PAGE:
By the time MS Dhoni played his first ball in the ICC Cricket World Cup 2019 match against England on Sunday, India required 104 off 61 balls with six wickets in hand. Now, in today’s times when T20 cricket has pushed the boundaries of the imaginable, that might not seem to be the hardest task for a batsman. However, it’s worth noting the stat that only twice in the 21st century has a chasing team managed to score more than a 100 runs in the final 10 overs of an ODI and win it.
While assess India’s chase yesterday, we must keep this bit of statistic in mind. The odds were very long. So, it barely came as a surprise when India eventually failed to defeat England. But the post-match conversation centred not on the first defeat suffered by Virat Kohli’s team in this World Cup but on the approach taken by MS Dhoni and Kedar Jadhav in the final overs. Once the loss appeared imminent, the duo set about reducing the margin of defeat. Only two boundaries arrived in 25 balls at one point.
This Dhoni approach was not entirely unfamiliar. Four years ago at the World Cup semifinal against Australia, he protected his wicket even as the required rate mounted. The intention was to take it as deep as possible and then launch an onslaught. Understandably, it did not work against the quality Australian bowling attack. Dhoni was left with a run-a-ball 65 and Australia won by 95 runs.
The former captain has slowed down considerably since. The past acts of bravado live fresh in the memory and fans hanker for them every time he bats in a tight chase, but he’s not the same batsman anymore. In fact, India has been acutely aware of this fact for a few years now. Yesterday was not the first instance of Dhoni being unable to score quickly from the outset.
So, this must raise the question about his batting position. Why must he bat so deep? If Dhoni needs time to build his innings, he should be promoted to number four. But this is another debate that must be familiar to most cricket observers, and no change has been in sight for a couple of years. It is now accepted that the earliest Dhoni arrives to bat is at number five, and that is how things will remain for the rest of this World Cup campaign.
However, it does not help India since no middle-order batsman except Hardik Pandya has the power to boost India’s total at the death. Perhaps the inclusion of Rishabh Pant on Sunday sought to address that issue but the difference between the two sides was acutely captured by another statistic – England hit thirteen sixes to India’s one. That single blow over the boundary came from Dhoni on the first ball of the 50th over, by the time India’s fate had been sealed.
The six, of course, is inextricably tied to Dhoni. There’s nothing quite like him hitting the ball over the boundary, and everyone expects him to hit a few whenever he bats. But the current iteration of Dhoni needs time to get to the stage where he can unload. Unfortunately for him, with age, his capacity to unleash a brutal attack on the opposition has receded dramatically as well. It is difficult to say when that exactly happens, but once it does, your best instincts leave you in little time.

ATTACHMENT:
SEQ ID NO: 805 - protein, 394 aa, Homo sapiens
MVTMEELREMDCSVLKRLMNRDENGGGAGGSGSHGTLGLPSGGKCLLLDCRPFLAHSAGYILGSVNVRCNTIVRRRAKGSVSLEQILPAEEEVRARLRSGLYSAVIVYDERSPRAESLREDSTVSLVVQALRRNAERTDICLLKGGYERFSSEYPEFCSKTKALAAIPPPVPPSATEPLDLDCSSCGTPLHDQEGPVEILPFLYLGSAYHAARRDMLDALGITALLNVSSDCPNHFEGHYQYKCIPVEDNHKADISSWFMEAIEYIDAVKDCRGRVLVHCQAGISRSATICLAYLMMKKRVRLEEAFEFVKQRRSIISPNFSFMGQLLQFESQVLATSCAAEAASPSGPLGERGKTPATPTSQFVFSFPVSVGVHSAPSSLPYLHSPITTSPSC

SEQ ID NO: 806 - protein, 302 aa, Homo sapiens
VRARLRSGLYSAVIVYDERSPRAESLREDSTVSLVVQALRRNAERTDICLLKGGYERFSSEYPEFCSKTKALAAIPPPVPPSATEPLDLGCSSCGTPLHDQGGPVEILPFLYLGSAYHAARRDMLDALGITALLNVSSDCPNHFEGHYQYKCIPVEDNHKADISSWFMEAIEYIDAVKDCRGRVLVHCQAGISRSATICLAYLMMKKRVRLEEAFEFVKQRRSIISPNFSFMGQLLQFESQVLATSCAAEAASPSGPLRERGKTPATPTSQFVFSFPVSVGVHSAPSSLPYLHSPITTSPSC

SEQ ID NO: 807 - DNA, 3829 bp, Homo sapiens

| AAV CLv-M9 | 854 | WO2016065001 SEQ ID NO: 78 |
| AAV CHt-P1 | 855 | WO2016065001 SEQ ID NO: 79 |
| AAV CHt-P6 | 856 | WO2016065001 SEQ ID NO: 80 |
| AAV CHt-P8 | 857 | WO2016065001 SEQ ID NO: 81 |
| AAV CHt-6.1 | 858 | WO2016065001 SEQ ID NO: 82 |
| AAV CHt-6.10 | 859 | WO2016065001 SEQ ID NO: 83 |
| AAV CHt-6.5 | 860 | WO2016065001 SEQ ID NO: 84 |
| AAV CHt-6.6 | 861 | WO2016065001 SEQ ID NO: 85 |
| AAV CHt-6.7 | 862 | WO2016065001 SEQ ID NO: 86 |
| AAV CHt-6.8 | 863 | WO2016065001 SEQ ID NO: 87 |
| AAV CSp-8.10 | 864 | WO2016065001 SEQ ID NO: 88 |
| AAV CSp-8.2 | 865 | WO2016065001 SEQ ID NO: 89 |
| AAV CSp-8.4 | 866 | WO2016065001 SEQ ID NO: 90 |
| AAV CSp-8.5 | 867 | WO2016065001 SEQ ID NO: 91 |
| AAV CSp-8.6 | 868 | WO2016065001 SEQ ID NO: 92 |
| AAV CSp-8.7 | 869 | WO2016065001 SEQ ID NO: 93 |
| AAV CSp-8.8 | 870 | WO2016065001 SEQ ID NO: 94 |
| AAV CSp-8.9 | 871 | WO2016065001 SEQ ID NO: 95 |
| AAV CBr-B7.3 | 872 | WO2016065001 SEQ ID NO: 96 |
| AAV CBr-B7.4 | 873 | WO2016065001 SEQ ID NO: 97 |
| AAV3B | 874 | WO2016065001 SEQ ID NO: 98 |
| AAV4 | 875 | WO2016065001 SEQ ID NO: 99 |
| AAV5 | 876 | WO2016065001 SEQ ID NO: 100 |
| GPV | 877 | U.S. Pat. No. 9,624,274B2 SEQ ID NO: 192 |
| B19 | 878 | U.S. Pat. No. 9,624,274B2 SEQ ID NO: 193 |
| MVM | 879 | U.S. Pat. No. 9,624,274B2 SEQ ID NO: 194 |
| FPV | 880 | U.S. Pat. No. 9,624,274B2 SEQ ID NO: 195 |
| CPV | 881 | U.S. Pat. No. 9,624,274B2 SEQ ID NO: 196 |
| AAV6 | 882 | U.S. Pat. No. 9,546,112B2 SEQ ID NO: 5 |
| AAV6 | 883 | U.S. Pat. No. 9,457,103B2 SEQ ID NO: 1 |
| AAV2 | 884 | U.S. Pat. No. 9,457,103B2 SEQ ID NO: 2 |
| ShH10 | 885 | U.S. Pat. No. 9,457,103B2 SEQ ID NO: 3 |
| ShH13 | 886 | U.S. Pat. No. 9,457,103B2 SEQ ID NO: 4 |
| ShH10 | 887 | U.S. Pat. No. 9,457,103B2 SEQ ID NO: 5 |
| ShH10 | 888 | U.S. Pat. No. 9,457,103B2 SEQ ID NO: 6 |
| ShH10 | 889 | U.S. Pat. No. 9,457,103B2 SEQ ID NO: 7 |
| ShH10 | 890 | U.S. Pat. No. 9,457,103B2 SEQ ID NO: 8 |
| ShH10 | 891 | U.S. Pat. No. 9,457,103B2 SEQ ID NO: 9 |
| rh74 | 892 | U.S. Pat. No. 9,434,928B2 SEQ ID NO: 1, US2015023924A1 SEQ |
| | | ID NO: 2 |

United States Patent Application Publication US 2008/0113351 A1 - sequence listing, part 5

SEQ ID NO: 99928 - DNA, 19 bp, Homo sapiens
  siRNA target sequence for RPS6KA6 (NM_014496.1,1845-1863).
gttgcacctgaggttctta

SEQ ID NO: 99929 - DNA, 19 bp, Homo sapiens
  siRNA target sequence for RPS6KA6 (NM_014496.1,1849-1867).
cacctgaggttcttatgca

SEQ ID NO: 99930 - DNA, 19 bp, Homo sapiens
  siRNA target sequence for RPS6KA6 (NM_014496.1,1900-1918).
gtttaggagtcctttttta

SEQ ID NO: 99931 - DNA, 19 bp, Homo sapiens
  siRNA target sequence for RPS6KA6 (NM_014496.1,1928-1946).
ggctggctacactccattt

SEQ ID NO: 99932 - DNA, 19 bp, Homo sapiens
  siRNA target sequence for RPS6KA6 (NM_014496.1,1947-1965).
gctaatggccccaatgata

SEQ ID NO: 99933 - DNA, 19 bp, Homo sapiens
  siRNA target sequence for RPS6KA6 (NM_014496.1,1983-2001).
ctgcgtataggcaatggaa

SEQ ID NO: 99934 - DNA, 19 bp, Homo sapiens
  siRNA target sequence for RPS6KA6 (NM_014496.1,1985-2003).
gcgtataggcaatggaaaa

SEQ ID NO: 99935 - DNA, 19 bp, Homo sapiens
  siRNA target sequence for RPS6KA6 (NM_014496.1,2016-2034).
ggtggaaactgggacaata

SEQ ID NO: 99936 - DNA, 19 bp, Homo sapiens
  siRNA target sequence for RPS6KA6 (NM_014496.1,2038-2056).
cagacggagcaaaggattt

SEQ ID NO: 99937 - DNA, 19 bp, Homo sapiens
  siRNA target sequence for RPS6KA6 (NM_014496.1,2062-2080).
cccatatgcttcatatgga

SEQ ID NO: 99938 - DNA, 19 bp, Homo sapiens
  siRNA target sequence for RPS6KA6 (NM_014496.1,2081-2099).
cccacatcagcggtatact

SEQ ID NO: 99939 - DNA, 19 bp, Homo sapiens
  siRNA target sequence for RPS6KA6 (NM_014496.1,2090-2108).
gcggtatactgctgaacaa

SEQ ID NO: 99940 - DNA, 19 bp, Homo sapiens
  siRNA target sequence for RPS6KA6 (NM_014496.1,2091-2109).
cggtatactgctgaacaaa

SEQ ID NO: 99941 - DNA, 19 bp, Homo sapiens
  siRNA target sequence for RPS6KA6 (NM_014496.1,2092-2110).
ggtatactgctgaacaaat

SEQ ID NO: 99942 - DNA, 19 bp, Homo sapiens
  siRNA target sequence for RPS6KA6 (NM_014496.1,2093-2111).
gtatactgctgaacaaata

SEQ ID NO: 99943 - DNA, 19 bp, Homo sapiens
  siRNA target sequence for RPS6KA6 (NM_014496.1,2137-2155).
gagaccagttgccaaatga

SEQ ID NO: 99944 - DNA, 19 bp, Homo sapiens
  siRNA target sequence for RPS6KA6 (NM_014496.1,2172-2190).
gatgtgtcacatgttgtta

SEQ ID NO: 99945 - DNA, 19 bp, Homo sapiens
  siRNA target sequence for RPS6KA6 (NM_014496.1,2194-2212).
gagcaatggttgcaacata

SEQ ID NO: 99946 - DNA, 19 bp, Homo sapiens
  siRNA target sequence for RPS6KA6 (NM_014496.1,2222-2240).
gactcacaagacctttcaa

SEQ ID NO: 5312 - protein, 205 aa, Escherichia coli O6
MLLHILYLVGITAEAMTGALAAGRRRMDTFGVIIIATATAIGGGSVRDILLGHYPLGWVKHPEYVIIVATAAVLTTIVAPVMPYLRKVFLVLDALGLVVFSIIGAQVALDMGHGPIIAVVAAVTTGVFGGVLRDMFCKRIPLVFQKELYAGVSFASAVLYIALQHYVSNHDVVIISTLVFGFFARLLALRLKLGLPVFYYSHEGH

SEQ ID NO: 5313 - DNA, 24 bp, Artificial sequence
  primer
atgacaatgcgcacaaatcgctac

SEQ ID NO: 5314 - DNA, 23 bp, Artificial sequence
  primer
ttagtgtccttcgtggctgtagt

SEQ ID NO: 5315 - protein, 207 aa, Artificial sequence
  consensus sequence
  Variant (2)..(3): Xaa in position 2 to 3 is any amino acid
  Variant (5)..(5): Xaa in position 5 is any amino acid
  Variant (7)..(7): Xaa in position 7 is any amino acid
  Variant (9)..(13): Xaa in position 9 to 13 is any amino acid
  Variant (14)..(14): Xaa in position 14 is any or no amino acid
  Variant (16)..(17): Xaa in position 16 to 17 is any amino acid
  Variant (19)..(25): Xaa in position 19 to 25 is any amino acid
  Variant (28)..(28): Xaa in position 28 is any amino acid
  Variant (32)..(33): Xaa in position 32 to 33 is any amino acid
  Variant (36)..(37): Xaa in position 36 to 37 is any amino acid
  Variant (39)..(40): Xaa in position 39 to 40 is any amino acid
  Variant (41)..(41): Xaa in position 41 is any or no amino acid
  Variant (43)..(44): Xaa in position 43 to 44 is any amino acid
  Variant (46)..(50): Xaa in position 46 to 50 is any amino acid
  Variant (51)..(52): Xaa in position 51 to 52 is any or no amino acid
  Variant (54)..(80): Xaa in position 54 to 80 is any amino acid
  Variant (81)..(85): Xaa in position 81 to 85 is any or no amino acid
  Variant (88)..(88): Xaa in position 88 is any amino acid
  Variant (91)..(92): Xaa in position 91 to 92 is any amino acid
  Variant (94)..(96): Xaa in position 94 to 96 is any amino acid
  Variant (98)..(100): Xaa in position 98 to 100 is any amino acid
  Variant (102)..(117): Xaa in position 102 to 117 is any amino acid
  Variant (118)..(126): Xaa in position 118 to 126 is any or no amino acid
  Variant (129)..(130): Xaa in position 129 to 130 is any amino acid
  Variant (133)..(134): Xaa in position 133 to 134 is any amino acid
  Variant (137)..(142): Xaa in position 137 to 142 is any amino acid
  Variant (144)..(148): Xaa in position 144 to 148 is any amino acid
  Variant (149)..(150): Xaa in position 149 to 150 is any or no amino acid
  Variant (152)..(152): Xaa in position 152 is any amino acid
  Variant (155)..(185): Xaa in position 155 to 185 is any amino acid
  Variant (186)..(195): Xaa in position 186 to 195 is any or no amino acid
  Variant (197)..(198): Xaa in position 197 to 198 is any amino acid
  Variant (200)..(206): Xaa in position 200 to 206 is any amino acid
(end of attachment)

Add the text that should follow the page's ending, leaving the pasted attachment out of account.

This is the battle Dhoni and every batsman before him have had to face. Some are able to extend their careers by exploring newer dimensions, others are bound to their game and are unable to break the shackles. This does not make Dhoni a lesser cricketer. In fact, his years of experience have helped India in other ways — Dhoni’s guidance for captain Virat Kohli and wrist-spinners Kuldeep Yadav and Yuzvendra Chahal have proved inestimably valuable.
Nevertheless, India is stuck with a confused middle order, bereft of heft, and the question of Dhoni looming large over it. It is not Kedar Jadhav and Dhoni’s fault when they cannot score 14-15 runs per over. But India left them too many to chase on Sunday, and the necessity of going hard earlier meant that the accumulators had to negotiate an even more challenging situation later on. The problem of the correct batting approach was identified with the Indian side much before the World Cup and the chickens have finally come home to roost.
So, where do India and Dhoni go from here? We are unlikely to see any dramatic changes now but the strength in bowling should mean that the team does not find itself having to score in the excess of 300 often. And if the situation does occur, Rohit Sharma and Kohli will have to do the heavy lifting. This is the plan with which India set store and one defeat should not alter it dramatically. Dhoni, of course, can still assist in a run chase. But to expect him to blast away like he used to do in his heyday is an unreasonable expectation now.
Priyansh is a writer based in New Delhi. He tweets @Privaricate